Coronavirus: Irish passengers trapped on cruise ship in Japan set to be evacuated
Government is working with other states to remove citizens from quarantined Diamond Princess
Irish passengers trapped on a cruise ship off Yokohama in Japan for the past fortnight because of the coronavirus are expected to be evacuated after the Department of Foreign Affairs said it was examining proposals for them.
The United States on Sunday began taking its citizens off the Diamond Princess. Canada, Italy, South Korea, Australia and Hong Kong were also making plans for their citizens among the 3,700 passengers and crew.
In response to queries about the possible evacuation of at least two Irish passengers, a department spokeswoman said: “We are working with other like-minded countries.”
She added the Irish passengers, believed to be a couple from Co Meath, were receiving consular assistance. They were expected to face another two-week quarantine period once off the ship.
The Japanese authorities had said the results of tests for the virus performed on everyone on board would be available by Friday, when staggered disembarkations could begin. However, the US authorities had begun to take about 400 of its citizens off the ship on Sunday.
Some 355 cases of the coronavirus have been confirmed among the ship’s passengers, including 70 on Sunday. All of the ill have been brought ashore to hospitals.
About 420 cases of the virus have been officially recorded in Japan, including one fatality - making it host to the worst outbreak outside China. Japan’s government admits it is increasingly struggling to keep track of new infections.
Five people, including a doctor and his wife, have come down with the virus at a hospital in Wakayama Prefecture, hundreds of kilometres from Yokohama. The government has revealed a cluster of eight new cases in Tokyo, most apparently infected by the same taxi driver.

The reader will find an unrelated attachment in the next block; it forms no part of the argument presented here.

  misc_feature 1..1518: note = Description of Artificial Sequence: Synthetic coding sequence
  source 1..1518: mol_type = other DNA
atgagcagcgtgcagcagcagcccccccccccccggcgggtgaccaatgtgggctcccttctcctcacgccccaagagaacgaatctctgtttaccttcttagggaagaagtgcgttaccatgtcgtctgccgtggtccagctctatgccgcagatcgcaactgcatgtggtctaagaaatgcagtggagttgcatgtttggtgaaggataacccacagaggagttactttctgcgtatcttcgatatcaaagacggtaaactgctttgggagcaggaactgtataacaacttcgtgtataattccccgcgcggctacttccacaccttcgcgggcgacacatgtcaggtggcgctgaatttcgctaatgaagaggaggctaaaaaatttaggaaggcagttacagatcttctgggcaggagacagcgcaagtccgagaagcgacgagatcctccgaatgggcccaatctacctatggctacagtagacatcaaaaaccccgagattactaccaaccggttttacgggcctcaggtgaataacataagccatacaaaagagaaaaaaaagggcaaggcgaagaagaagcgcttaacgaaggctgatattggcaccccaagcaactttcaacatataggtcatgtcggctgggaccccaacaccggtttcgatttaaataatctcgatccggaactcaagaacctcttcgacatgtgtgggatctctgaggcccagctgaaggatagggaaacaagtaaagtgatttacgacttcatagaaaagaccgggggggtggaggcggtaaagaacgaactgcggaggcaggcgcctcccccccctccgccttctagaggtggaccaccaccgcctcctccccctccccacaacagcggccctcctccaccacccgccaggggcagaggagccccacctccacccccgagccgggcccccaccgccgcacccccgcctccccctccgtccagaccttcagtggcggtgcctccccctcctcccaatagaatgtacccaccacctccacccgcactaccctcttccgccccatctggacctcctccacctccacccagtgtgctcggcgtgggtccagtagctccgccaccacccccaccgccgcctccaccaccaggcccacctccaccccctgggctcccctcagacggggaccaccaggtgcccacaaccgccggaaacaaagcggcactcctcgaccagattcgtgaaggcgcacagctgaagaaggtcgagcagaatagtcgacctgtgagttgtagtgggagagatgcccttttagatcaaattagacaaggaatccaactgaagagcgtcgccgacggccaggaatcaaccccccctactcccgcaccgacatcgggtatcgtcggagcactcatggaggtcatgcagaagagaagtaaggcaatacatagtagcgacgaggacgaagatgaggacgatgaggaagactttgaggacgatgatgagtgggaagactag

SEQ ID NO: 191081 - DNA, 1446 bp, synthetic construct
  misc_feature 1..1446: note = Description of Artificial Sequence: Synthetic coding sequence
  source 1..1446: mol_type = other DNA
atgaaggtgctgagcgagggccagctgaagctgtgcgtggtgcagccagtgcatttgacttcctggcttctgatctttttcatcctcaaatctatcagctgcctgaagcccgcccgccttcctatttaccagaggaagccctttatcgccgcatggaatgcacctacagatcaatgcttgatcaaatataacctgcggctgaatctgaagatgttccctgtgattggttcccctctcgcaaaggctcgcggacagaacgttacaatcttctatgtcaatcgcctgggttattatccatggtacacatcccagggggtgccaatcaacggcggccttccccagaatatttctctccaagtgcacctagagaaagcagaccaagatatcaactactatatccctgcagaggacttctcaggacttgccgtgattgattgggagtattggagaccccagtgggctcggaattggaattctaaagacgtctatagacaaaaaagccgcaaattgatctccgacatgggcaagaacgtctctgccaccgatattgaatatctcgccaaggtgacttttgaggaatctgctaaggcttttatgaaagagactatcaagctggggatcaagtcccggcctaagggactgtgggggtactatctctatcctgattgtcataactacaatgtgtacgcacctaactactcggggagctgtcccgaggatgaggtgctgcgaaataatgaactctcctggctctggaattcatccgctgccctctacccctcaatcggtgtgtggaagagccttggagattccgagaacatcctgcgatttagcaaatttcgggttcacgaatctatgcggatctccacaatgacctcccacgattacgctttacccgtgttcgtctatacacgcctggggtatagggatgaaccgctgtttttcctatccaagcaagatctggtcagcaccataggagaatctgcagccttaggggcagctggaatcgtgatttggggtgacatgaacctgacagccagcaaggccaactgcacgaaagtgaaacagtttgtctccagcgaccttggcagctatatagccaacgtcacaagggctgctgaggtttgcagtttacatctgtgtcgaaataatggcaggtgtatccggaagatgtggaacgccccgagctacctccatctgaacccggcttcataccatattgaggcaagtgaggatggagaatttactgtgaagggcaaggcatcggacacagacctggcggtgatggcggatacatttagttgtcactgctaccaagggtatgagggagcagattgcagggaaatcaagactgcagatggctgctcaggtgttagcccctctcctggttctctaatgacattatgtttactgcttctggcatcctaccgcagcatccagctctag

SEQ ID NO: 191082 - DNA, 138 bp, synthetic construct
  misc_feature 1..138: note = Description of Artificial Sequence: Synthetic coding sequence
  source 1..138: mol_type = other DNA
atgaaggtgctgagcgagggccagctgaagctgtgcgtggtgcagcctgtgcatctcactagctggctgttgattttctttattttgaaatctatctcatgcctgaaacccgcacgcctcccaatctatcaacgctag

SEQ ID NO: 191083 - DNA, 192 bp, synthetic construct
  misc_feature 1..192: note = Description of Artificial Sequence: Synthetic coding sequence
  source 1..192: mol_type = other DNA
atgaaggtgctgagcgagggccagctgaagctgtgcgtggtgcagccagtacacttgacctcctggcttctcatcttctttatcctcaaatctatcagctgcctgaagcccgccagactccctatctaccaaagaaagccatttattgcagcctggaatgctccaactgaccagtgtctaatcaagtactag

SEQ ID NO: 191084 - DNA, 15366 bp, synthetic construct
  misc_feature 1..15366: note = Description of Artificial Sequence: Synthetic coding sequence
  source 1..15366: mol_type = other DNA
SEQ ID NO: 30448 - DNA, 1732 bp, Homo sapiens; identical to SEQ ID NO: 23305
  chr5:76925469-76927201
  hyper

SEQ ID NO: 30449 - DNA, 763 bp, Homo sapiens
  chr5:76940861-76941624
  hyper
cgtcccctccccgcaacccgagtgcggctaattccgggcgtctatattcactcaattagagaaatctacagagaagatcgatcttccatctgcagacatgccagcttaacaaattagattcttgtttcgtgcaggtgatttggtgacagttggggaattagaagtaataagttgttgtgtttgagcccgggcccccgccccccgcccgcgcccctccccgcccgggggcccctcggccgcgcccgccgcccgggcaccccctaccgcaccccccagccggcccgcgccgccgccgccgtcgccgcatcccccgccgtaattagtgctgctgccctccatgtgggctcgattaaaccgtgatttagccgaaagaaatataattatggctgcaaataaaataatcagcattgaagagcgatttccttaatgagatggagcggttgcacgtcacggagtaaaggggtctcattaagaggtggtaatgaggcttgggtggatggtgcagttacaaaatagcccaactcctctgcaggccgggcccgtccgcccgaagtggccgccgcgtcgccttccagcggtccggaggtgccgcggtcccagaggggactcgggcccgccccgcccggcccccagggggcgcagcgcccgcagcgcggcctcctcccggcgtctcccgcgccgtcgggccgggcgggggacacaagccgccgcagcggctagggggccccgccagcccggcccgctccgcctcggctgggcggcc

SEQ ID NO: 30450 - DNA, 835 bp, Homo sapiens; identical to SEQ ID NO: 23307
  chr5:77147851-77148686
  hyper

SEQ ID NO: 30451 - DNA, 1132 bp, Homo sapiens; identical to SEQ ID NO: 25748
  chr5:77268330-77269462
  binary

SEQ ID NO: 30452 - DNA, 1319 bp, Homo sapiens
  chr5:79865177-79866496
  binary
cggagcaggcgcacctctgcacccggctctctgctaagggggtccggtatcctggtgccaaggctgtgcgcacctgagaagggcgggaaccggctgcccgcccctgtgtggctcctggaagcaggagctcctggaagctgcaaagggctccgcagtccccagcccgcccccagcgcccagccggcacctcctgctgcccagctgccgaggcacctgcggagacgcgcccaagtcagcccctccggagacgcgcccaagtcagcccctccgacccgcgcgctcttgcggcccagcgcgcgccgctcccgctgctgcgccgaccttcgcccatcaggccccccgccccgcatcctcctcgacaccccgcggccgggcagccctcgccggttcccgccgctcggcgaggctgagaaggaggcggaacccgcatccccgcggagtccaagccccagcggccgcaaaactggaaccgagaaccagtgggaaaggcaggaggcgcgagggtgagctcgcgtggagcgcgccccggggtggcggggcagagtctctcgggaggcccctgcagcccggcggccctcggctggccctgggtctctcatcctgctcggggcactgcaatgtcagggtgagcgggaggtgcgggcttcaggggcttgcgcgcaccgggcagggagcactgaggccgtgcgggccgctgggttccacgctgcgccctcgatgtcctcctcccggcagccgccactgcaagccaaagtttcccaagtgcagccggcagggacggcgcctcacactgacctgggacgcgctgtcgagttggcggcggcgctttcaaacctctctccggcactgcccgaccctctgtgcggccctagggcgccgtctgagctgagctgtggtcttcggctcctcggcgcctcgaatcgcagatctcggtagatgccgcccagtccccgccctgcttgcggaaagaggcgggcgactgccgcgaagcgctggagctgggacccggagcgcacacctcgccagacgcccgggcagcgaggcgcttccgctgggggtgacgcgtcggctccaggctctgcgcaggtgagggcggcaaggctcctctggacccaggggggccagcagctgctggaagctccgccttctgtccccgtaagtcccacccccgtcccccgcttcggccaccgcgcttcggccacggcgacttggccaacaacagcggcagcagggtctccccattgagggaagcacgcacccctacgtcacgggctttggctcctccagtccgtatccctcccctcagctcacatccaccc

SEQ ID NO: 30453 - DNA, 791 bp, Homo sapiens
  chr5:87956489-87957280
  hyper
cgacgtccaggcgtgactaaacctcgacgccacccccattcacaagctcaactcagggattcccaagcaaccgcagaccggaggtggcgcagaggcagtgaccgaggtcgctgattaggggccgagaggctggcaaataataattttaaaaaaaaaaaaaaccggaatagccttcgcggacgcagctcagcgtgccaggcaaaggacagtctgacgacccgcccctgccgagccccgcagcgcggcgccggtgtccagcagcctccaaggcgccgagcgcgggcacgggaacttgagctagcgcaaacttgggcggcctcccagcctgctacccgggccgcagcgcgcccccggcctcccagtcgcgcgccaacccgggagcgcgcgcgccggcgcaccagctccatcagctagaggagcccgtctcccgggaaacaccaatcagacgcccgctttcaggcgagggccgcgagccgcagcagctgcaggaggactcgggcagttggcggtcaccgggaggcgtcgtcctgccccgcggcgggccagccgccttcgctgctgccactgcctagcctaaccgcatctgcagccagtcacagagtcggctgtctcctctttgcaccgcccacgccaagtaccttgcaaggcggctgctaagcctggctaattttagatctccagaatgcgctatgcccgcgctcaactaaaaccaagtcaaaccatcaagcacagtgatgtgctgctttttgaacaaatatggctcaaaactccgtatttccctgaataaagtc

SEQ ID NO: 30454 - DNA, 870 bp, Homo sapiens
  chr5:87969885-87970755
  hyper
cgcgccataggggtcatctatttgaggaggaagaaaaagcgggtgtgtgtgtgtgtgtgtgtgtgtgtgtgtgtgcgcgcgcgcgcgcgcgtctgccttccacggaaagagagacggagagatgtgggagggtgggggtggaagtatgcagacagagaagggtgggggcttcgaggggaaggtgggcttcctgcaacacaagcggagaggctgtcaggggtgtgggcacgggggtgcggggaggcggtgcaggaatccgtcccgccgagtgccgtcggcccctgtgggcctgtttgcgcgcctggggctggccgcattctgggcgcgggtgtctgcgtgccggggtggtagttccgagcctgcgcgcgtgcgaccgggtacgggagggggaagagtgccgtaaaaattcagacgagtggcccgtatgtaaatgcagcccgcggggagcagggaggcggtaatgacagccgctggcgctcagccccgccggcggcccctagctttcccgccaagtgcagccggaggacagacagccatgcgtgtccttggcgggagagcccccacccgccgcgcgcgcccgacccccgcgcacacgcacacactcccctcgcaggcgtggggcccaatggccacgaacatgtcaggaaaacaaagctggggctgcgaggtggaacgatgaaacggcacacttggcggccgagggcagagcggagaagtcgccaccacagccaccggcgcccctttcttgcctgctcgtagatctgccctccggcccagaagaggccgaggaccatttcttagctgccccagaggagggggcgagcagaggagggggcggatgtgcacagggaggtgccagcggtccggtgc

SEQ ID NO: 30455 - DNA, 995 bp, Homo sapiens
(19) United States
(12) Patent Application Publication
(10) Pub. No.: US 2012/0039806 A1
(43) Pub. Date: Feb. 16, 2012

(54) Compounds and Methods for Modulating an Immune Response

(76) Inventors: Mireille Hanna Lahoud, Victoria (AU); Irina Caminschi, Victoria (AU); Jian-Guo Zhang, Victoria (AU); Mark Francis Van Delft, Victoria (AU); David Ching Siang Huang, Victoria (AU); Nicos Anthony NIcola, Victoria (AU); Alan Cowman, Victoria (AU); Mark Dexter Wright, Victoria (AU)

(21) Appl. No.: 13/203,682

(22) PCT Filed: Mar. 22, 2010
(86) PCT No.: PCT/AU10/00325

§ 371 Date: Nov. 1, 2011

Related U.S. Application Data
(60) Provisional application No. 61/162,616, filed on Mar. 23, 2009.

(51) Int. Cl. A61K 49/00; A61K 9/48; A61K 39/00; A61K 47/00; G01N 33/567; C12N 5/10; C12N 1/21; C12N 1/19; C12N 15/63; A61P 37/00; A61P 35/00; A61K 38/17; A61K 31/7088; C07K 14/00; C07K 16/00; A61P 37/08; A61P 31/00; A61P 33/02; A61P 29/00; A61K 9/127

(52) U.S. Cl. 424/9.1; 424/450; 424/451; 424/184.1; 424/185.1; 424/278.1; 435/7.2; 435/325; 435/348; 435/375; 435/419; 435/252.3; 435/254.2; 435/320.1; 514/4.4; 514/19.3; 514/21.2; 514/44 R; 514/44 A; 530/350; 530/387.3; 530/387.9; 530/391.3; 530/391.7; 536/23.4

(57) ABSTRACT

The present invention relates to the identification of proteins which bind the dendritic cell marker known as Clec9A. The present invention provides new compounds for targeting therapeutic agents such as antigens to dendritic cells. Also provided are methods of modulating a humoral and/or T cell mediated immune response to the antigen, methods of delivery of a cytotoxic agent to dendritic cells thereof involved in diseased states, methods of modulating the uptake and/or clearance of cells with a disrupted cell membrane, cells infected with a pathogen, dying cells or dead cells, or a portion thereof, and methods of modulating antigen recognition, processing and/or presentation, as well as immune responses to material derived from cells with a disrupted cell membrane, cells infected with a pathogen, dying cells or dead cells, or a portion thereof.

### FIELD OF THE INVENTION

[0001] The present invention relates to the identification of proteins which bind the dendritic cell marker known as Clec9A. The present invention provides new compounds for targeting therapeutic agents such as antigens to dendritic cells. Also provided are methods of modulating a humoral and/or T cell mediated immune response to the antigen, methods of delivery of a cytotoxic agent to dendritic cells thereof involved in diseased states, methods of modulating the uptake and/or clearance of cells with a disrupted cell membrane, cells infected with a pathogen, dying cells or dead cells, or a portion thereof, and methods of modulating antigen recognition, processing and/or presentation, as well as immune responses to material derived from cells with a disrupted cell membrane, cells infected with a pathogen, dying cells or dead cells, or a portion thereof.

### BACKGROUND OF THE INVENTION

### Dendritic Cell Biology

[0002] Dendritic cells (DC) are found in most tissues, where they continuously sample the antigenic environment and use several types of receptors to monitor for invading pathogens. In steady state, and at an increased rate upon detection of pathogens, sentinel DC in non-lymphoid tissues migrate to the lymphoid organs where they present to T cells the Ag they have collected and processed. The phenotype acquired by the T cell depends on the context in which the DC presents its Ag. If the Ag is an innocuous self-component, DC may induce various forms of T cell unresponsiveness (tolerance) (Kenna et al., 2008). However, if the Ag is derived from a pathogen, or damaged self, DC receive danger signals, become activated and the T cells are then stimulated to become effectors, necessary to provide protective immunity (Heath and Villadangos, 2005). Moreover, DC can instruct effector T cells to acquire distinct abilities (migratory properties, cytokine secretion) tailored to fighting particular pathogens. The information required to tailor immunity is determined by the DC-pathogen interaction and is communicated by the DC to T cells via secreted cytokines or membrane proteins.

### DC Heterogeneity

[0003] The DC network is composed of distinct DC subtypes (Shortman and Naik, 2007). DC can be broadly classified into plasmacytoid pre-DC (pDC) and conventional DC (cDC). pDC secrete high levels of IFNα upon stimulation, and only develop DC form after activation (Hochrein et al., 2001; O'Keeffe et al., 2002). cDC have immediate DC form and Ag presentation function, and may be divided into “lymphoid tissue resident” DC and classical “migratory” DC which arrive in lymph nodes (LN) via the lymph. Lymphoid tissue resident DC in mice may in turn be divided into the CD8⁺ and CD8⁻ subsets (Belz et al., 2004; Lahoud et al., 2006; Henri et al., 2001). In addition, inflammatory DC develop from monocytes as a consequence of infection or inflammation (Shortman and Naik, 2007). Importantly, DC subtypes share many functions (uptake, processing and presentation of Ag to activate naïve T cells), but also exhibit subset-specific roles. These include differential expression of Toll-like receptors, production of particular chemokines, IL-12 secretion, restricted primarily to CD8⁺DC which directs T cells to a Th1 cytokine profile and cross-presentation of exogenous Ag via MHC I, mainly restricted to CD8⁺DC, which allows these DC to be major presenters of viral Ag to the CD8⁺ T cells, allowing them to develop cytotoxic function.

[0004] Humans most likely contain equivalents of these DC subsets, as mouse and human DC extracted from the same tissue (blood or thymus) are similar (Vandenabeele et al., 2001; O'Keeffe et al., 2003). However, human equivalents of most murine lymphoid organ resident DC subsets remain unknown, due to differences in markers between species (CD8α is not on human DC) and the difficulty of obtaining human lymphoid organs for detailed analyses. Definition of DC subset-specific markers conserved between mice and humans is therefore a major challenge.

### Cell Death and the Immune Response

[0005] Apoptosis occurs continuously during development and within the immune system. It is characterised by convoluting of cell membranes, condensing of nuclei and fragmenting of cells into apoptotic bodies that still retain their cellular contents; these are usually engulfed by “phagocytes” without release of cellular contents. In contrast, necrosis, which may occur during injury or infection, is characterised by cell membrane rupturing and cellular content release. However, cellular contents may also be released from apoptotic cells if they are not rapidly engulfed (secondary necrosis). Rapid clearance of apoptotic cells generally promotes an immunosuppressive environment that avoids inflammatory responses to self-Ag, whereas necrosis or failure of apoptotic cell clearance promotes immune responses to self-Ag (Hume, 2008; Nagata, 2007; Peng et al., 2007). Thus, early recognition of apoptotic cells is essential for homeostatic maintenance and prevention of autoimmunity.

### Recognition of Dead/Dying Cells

“Japan seems to have entered a new phase where the infection route of several new cases is unclear,” health minister Katsunobu Kato warned on Monday.
The US was the first country to remove its citizens from the stricken liner. On Monday morning, about 340 Americans were flown by chartered flight to California and Texas, where they will be quarantined for two weeks at military bases.
A total of 40 Americans have reportedly been infected on the ship. Some have been transferred to hospitals in Japan but 14 who have the virus but no symptoms were controversially allowed to fly home in what the US Department of State called a “specialised containment area on the evacuation aircraft”.
Matthew Smith, an American passenger who decided to stay on the Diamond Princess tweeted on Monday: “OMG: US Gov’t said they would not put anyone on planes who was symptomatic, and they ended up knowingly and intentionally putting on 14 people who actually have the virus. Decision not to be evacuated = best decision ever.”
The remaining passengers, most of whom are aged 60 or older, are scheduled to be released from quarantine in stages from Wednesday.
Experts fear the Covid-19 crisis could begin to overwhelm Japanese medical facilities if it spreads. One hospital in the western suburbs of metropolitan Tokyo was forced to stop treating outpatients on Monday after a nurse fell ill. The nurse had been treating an elderly woman who died last week.
The Japanese government is taking increasingly severe measures to keep the disease at bay. On Monday it cancelled public celebrations for the birthday of Emperor Naruhito later this week. Tokyo’s Marathon, which is scheduled for March 1st and expected to draw 38,000 runners, has also been curtailed.